Höfn to Klaustur
Day Trip

This trip starts in Höfn and ends in Kirkjubæjarklaustur. On the way we will see clear signs of how the climate change is affecting the glaciers and landscape. We will make several stops along the way, with the 4 highlights listed below.

Where is Waldo? (Meeh)

#1 Fláajökull

A stop by Fláajökull where we can stand on the recently deglaciated foreland, and see the details of cross-cutting and merging of crevasse squeeze ridges.

#2 Kálfafellsdalur

Next we drive into the 10 km long valley of Kálfafellsdalur, which is an example of how the landscape forms where the glaciers have disappeared.

#3 Skeiðarársandur

The largest sandur plain in Iceland, with one of the most complex braided river systems due to the glacier rivers coming from the outlet glacier Skeiðarárjökull.

#4 Klaustur & Skaftá

Our last stop is at our end destination today. The 115 km long river Skaftá runs by, a river Icelanders have learned to respect and pay attention to.

Climate Change

Nature’s best thermometer, perhaps its most sensitive and unambiguous indicator of climate change, is ice… Ice asks no questions, presents no arguments, reads no newspapers, listens to no debates. It is not burdened by ideology and carries no political baggage as it crosses the threshold from solid to liquid. It just melts.

Henry Pollack

I think every Icelander has at some point asked themselves why they live in Iceland, which is borderline habitable. Some say it is the gateway to the North Pole, where it lies in the North Atlantic, just south of the Arctic Circle. The climate is classified as cold-temperate, as the country is at the border where two main climate zones, the polar and the temperate, meet. The winters are mild and windy, while the summers are cool and moist. 

During the Little Ice Age, from 1450-1900, was the coldest climate in Iceland. During that time, the glaciers in southeast Iceland expanded to an unprecedented size since historical times. This same area has shown to be one of the most affected by the climate fluctuations of the last few hundred years. The high amounts of rainfall in the south to southeast coast of the country, caused primarily by the southerly winds, control the location of the main glaciers. 

Clear signs of global warming are indisputable. Researches from the middle of last century reveal unprecedented change which has not been seen for thousands of years. The atmosphere and ocean waters have warmed, sea level risen, strength of greenhouse gases increased and glaciers have receded.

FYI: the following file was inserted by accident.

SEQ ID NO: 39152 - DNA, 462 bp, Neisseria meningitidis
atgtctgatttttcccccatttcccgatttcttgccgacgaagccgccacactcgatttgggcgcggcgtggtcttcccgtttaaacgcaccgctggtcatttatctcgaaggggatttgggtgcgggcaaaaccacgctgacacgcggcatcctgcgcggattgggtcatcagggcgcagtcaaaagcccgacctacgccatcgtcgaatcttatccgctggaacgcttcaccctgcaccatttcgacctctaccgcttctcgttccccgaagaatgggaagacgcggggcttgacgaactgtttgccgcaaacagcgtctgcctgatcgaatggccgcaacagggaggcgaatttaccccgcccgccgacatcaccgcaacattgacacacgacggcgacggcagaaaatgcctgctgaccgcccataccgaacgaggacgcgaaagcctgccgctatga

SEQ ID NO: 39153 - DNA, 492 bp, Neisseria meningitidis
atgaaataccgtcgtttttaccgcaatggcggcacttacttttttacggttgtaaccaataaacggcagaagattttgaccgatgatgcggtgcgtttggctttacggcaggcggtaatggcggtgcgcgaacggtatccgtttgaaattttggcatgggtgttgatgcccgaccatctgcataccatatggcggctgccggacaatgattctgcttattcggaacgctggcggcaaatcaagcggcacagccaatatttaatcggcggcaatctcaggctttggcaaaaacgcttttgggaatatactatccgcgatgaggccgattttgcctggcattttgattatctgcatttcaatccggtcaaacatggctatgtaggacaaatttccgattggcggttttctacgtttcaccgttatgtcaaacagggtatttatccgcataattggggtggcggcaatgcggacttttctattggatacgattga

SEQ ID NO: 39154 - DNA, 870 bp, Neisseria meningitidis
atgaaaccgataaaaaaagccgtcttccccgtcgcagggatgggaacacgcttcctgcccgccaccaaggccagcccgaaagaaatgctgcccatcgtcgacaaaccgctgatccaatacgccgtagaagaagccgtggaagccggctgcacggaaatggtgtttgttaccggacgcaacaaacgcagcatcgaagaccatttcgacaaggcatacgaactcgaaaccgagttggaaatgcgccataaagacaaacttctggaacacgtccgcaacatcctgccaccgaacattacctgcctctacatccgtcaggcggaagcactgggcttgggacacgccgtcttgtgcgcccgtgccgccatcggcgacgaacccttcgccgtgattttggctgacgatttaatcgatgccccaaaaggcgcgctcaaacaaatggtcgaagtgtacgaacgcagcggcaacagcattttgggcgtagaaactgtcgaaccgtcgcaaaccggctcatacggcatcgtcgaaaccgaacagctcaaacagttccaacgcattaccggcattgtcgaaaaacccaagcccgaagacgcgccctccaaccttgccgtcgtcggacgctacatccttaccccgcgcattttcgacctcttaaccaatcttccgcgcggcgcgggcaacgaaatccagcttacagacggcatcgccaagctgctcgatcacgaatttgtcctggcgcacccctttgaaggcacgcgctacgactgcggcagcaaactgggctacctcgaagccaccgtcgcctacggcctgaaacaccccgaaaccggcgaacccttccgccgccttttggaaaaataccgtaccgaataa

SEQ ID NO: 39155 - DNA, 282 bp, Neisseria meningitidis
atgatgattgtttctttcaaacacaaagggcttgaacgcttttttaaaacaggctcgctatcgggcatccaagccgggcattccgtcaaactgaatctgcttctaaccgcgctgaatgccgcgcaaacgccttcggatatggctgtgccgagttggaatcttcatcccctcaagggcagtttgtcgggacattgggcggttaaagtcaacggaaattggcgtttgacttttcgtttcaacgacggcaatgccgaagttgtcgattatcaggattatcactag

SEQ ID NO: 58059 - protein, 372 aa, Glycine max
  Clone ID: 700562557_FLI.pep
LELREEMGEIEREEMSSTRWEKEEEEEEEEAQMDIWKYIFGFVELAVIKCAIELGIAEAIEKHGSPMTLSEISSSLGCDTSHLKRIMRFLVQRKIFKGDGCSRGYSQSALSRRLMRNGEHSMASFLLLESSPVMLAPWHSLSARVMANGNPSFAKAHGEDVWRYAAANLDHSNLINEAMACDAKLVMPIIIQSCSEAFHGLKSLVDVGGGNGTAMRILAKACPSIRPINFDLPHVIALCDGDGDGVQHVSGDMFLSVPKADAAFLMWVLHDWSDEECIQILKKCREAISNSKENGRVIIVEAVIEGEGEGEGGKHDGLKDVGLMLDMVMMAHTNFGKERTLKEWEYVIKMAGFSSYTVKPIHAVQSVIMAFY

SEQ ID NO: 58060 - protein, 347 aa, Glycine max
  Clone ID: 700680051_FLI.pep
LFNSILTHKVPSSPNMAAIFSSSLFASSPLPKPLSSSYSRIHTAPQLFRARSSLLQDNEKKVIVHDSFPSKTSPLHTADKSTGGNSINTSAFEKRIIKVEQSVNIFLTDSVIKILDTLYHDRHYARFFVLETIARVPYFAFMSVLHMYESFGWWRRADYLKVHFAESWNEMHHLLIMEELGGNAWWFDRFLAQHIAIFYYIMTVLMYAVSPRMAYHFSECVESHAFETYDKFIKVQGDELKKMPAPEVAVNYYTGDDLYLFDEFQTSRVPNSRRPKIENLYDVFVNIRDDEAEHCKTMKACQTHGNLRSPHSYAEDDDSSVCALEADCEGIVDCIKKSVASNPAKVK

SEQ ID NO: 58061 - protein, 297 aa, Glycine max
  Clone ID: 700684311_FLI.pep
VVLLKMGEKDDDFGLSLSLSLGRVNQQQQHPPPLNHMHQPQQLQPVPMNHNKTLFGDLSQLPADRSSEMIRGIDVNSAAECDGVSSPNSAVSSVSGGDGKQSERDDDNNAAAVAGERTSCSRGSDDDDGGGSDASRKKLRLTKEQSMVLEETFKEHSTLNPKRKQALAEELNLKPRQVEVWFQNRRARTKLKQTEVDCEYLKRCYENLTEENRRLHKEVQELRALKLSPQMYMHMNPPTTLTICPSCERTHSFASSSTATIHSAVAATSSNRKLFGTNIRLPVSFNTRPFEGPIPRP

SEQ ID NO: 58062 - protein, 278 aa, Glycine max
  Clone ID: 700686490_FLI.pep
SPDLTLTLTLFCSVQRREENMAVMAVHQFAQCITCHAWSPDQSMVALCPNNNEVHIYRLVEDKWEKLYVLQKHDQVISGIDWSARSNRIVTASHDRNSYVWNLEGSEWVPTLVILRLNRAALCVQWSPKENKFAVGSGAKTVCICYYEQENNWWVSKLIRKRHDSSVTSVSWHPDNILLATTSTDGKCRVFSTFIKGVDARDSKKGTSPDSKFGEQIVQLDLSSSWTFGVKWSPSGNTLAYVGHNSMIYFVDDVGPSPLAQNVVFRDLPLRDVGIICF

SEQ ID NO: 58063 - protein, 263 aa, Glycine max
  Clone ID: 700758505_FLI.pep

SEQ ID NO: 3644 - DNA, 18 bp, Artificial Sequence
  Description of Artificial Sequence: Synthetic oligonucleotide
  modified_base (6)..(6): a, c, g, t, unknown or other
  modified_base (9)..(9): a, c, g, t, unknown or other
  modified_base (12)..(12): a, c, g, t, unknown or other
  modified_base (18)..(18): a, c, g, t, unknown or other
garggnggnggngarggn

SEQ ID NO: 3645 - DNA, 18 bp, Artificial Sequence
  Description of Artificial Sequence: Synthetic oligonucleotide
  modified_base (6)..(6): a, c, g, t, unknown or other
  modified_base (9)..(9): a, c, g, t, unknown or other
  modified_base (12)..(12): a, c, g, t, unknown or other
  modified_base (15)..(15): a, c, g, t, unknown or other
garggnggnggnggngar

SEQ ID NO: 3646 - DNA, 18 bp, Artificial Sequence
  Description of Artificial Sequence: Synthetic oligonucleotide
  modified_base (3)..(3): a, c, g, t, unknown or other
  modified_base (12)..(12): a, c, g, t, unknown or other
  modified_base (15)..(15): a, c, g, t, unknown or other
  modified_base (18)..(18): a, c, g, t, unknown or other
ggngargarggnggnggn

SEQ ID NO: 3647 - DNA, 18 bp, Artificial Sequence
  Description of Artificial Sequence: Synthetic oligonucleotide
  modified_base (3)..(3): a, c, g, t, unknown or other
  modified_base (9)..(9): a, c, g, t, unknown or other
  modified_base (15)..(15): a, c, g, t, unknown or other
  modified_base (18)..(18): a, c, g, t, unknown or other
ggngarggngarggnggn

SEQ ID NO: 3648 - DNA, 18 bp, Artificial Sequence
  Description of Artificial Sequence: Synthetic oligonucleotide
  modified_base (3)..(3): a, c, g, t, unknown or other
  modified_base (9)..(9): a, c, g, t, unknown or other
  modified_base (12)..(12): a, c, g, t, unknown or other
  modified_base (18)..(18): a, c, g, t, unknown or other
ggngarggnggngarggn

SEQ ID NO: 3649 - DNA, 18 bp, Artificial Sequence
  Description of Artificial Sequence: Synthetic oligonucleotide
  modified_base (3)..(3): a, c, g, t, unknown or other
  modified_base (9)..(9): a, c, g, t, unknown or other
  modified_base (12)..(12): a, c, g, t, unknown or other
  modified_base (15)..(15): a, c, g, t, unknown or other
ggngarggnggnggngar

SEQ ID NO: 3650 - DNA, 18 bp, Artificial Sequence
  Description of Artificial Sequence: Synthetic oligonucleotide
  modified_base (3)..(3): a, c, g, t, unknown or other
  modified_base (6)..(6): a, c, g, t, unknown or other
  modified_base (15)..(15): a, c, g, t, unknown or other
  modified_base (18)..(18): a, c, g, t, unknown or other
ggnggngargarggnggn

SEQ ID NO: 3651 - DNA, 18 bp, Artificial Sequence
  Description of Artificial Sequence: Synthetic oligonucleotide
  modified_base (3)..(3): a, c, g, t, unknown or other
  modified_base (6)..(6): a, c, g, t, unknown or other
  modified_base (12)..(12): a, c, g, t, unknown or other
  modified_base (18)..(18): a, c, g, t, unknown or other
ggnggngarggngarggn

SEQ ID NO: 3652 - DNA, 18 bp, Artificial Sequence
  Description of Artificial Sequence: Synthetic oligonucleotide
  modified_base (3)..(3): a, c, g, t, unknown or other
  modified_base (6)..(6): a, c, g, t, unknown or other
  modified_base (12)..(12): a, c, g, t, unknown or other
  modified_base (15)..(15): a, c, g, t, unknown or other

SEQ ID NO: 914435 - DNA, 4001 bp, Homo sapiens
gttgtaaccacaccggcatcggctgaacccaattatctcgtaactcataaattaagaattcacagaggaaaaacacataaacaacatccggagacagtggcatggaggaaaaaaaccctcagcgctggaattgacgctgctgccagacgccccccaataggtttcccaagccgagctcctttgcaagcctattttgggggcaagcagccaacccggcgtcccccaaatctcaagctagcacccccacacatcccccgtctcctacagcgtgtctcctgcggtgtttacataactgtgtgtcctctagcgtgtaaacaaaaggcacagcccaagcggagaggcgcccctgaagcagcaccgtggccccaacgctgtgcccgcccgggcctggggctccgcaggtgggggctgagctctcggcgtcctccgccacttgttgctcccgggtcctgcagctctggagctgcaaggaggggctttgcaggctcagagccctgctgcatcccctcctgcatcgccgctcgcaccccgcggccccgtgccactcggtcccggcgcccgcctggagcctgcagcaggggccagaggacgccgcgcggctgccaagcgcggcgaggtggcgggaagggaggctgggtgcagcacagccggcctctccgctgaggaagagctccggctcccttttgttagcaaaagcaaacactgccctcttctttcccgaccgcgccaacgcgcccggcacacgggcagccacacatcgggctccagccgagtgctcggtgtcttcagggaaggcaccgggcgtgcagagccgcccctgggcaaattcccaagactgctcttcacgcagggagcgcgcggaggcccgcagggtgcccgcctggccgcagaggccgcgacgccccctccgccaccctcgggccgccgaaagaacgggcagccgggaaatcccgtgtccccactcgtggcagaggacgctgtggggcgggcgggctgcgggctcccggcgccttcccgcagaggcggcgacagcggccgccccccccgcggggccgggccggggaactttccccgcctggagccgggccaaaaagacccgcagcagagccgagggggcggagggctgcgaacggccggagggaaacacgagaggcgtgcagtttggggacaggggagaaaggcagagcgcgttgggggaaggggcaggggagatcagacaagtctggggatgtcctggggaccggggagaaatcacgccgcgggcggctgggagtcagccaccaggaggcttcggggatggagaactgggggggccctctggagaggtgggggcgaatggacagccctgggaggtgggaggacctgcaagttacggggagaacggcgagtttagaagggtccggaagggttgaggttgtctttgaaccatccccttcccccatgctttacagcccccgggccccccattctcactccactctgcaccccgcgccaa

Since the industrial revolution, the pH level in the sea waters has dropped by 0.1 pH point, showing visible results on its ecosystem. The acidification is caused by the rapid increase of carbon dioxide emissions caused by human activities.

The effects of climate change are most extensive and noticeable in nature. Unfortunately, researches show more negative than positive impact on cultivation. In recent years, some extremes in weather conditions have been noted, such as heat waves, drought, floods, hurricanes and forest fires, which negatively affect vulnerable ecosystems and also many social systems.

If nothing is done to significantly reduce greenhouse gas emissions, it will continue to affect the ecosystems.

Here in Iceland studies show long-term temperament change of 4°C over the last ten thousand years, which is much more than the global changes at the same time. Over the last thousand years, the climate in Iceland has shifted between warmer and colder periods. The 11th and 12th centuries were warm, with the coldest period since the ice-age began in the 15th century and finished about 100 years ago. 

More recently, Icelandic glaciers were largest by the end of the 19th century. Since then they have decreased by nearly 2000 km2. Major changes have been impacting the glacier drainage routes in their rivers. These changes have been on the margins, where new lagoons have formed, older lagoons disappeared, or merged with new ones. 

When I was young, I was fortunate enough to be sent to relatives during the summers to live and work on their farm here in the Hornafjörður region. The first years I would travel by plane, then by bus when the bridge on Skeiðarársandur was built in 1974. The scenic landscape on the way has always been my favorite in the whole country. After settling with my family in South Iceland, I didn’t get a chance to drive this road until the summer of 2013. I have to say that I was genuinely shocked to see the changes in this ever beautiful landscape. The shoreline by the famous Jökulsárlón glacier lagoon is now almost all the way to the bridge, Hornafjarðarfljót runs mostly west of Skógey, so where there used to be endless shallow water is now dry land which has managed to heal and is being used by farmers today.

Hope you enjoy the trip on this bright and beautiful day! I know I will.

You may click on each of the four highlights (stops) listed above or below for details.
Thank you!

#1 Fláajökull

A stop by Fláajökull where we can stand on the recently deglaciated foreland and see the details of cross-cutting and merging of crevasse squeeze ridges.

#2 Kálfafellsdalur

Next we drive into the 10 km long valley of Kálfafellsdalur, which is an example of how the landscape forms where the glaciers have disappeared.

#3 Skeiðarársandur

The largest sandur plain in Iceland with one of the most complex braided river system from the glacier rivers coming from the outlet glacier Skeiðarárjökull.

#4 Klaustur & Skaftá

Our last stop is at our end destination today. The 115 km long river Skaftá runs by, a river Icelanders have learned to respect and pay attention to.